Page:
It is now completely dark. Two smile and lean in, while the other talks. The candle adds an incantatory effect. Shadow ebbs and flows around the edges of the round table, a table with scratches in the enamel, and polished spots from elbows, dishes, bottles. Blots of wax cluster in the center, and a red wire twists in an upward knot, from the time they constructed an impromptu sculpture into the network of the table.

Picking up the thread of an earlier conversation, Stella, the woman with the oval face, says, “I just do what the painting asks of me.” Adi, with the heart shaped face, nods. Noa, the aquiline, responds, “Eso es lo unico. . .”. They each sip the tequila, and think quietly to themselves as a means to extend the conversation.

I cannot tell you how terrifying and exciting it is to start a novel; all of my fears of my own ability to complete a project arise, at the daunting nature of the task. Then, I get back to work.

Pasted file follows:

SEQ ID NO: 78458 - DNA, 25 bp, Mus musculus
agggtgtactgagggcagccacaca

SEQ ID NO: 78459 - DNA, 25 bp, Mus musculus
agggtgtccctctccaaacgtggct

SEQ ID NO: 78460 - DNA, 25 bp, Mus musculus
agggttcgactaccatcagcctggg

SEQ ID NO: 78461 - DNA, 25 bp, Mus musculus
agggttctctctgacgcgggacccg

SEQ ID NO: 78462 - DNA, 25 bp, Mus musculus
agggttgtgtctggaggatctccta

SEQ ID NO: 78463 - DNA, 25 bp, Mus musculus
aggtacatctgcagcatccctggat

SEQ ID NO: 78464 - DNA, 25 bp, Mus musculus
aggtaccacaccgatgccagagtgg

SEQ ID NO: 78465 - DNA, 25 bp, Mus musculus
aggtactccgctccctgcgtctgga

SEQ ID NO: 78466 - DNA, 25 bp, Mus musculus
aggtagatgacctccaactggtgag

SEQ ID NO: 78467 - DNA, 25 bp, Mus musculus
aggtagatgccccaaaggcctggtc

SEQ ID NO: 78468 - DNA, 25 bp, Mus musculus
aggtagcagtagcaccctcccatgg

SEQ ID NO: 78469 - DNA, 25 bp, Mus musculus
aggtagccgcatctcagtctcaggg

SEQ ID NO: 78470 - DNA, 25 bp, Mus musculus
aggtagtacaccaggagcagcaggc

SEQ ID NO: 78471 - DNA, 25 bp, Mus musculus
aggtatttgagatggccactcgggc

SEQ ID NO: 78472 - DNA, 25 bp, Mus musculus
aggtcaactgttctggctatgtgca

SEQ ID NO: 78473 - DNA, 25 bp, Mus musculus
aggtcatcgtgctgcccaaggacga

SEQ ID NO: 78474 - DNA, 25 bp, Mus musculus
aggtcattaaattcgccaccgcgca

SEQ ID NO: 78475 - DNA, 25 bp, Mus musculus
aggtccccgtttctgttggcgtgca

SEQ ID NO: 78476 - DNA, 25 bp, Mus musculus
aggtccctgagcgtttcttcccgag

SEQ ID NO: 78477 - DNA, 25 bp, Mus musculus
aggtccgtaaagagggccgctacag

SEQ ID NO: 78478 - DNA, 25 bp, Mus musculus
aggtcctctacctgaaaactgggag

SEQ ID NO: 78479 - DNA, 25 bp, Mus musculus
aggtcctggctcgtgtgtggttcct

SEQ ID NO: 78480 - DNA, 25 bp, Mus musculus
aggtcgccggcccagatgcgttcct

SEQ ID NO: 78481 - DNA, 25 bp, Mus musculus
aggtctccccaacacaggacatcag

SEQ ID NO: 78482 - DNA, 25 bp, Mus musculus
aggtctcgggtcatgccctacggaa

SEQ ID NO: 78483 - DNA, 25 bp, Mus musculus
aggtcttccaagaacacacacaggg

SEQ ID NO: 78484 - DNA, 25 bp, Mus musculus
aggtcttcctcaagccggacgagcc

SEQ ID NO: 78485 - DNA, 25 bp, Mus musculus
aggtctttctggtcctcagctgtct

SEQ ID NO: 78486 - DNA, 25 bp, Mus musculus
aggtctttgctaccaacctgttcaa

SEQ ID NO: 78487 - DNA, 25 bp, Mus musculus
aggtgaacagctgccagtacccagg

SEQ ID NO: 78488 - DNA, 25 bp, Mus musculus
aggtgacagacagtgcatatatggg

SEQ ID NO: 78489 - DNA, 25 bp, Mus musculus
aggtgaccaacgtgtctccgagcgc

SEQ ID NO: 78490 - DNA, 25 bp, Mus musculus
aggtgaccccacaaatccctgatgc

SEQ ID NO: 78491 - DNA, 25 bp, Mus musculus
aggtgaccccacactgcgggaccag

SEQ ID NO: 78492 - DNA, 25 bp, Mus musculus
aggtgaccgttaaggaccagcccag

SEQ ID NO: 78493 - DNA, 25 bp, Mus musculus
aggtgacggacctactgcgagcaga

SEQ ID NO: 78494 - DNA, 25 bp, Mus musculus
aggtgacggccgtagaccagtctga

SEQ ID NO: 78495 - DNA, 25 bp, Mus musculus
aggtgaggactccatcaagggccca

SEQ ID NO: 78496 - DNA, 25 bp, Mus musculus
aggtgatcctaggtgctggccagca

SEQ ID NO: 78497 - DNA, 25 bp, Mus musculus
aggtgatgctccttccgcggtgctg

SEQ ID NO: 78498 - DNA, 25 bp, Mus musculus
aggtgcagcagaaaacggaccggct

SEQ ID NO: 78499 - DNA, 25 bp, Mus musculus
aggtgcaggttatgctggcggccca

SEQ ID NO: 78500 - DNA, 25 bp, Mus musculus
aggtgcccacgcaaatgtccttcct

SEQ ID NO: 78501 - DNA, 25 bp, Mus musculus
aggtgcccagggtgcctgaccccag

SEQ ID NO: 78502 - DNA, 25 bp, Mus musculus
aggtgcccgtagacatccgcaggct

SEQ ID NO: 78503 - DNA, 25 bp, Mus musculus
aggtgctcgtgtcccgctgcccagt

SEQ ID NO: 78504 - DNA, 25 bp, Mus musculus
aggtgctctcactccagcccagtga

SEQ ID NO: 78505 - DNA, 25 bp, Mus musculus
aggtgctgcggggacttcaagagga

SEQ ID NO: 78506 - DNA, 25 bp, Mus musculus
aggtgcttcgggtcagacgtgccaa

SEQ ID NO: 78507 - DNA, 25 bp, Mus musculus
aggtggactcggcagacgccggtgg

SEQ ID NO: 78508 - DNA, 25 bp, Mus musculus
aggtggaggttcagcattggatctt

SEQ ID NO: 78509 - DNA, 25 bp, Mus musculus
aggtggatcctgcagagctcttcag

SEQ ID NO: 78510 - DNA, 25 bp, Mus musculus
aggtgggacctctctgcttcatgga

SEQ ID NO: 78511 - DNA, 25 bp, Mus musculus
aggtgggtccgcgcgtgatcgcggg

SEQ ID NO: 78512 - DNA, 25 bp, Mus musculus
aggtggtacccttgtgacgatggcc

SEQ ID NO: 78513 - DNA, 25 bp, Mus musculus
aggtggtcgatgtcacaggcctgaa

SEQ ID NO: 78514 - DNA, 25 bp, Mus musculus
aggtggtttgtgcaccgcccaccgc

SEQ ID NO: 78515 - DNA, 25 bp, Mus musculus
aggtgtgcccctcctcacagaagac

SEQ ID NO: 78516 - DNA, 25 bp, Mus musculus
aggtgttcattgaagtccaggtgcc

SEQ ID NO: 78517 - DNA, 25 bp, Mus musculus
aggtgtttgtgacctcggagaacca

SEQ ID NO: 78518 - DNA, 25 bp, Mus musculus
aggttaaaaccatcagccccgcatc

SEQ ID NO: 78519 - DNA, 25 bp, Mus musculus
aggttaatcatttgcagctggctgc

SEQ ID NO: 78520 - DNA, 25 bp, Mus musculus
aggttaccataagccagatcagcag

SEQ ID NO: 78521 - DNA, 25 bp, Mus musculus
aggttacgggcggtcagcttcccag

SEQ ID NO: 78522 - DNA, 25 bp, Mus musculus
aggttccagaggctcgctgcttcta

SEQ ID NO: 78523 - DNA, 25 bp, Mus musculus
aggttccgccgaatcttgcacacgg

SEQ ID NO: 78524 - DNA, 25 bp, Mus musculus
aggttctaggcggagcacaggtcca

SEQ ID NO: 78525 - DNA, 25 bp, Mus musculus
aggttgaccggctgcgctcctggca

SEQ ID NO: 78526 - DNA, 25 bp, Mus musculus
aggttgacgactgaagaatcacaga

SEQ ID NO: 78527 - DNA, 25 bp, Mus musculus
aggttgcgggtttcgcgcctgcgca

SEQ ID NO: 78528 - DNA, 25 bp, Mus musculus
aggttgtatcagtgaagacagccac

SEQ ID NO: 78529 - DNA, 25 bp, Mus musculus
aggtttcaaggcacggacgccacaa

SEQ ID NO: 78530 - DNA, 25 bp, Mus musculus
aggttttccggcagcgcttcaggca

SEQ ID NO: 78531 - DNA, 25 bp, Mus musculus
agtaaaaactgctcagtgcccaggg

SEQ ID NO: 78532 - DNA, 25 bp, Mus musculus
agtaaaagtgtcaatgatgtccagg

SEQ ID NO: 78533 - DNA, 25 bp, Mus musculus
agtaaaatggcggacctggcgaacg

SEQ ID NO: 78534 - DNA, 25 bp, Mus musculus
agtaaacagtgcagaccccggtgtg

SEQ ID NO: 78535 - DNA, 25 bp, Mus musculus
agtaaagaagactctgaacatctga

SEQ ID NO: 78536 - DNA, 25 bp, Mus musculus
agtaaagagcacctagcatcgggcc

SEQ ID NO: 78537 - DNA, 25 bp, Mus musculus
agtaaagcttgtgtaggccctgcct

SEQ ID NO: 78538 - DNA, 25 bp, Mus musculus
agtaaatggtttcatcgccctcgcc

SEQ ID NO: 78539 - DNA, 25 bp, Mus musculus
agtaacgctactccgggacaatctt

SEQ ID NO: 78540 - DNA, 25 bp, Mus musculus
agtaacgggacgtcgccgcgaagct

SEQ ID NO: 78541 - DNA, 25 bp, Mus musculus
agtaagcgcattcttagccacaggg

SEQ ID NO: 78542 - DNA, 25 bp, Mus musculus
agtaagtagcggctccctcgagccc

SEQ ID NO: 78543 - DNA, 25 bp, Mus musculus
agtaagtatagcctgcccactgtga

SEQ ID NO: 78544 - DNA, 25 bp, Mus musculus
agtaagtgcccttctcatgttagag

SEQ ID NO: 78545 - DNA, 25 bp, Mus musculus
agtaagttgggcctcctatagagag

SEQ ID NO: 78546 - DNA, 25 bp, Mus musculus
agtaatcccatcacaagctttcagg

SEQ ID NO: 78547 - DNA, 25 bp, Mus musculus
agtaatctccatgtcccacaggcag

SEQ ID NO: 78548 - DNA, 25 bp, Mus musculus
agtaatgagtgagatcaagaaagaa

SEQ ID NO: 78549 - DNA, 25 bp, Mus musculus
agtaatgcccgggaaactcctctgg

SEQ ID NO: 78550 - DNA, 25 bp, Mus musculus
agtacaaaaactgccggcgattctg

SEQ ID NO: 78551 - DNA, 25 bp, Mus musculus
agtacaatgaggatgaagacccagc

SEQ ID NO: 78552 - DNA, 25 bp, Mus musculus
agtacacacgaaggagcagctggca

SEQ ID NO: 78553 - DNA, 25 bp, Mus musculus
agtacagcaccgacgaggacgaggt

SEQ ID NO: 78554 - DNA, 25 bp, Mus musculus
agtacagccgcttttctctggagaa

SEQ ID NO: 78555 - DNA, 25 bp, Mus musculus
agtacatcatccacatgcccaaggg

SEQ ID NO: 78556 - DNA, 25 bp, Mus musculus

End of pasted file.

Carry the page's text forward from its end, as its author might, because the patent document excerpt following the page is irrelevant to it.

A new method

Trying a new art-making method=opening a path to endless possibilities. Isn’t that the real work at hand? Not the individual product, but the work itself.

The “opening-to-possibilities” part, an experience I may be addicted to.

Today you see my first attempt at carving and printing a lino block.

Well, to come clean: about 18 years ago, a group of friends got together for brunch at an artist-friend’s house; she taught us to carve and print a lino block. I carved one small block (of a rose–perhaps carving something so complicated prevented me from trying again till now?).

For whatever reason, only a few months ago I assembled all of the tools and materials needed to carve and print a lino block, and only this weekend printed my first “real”prints. Like many people, I suppose I’m better at generating ideas of what I want to do than actually doing it!

For this project, I used an unmounted lino block, and Speedball carving tool (the handy kind with the blades in the handle). I used Speedball water-soluble inks, mulberry paper, and Speedball brayer and baren. I also used a piece of glass from the hardware store (for inking). I plan on buying better carving tools for the unmounted lino (for sharper blades).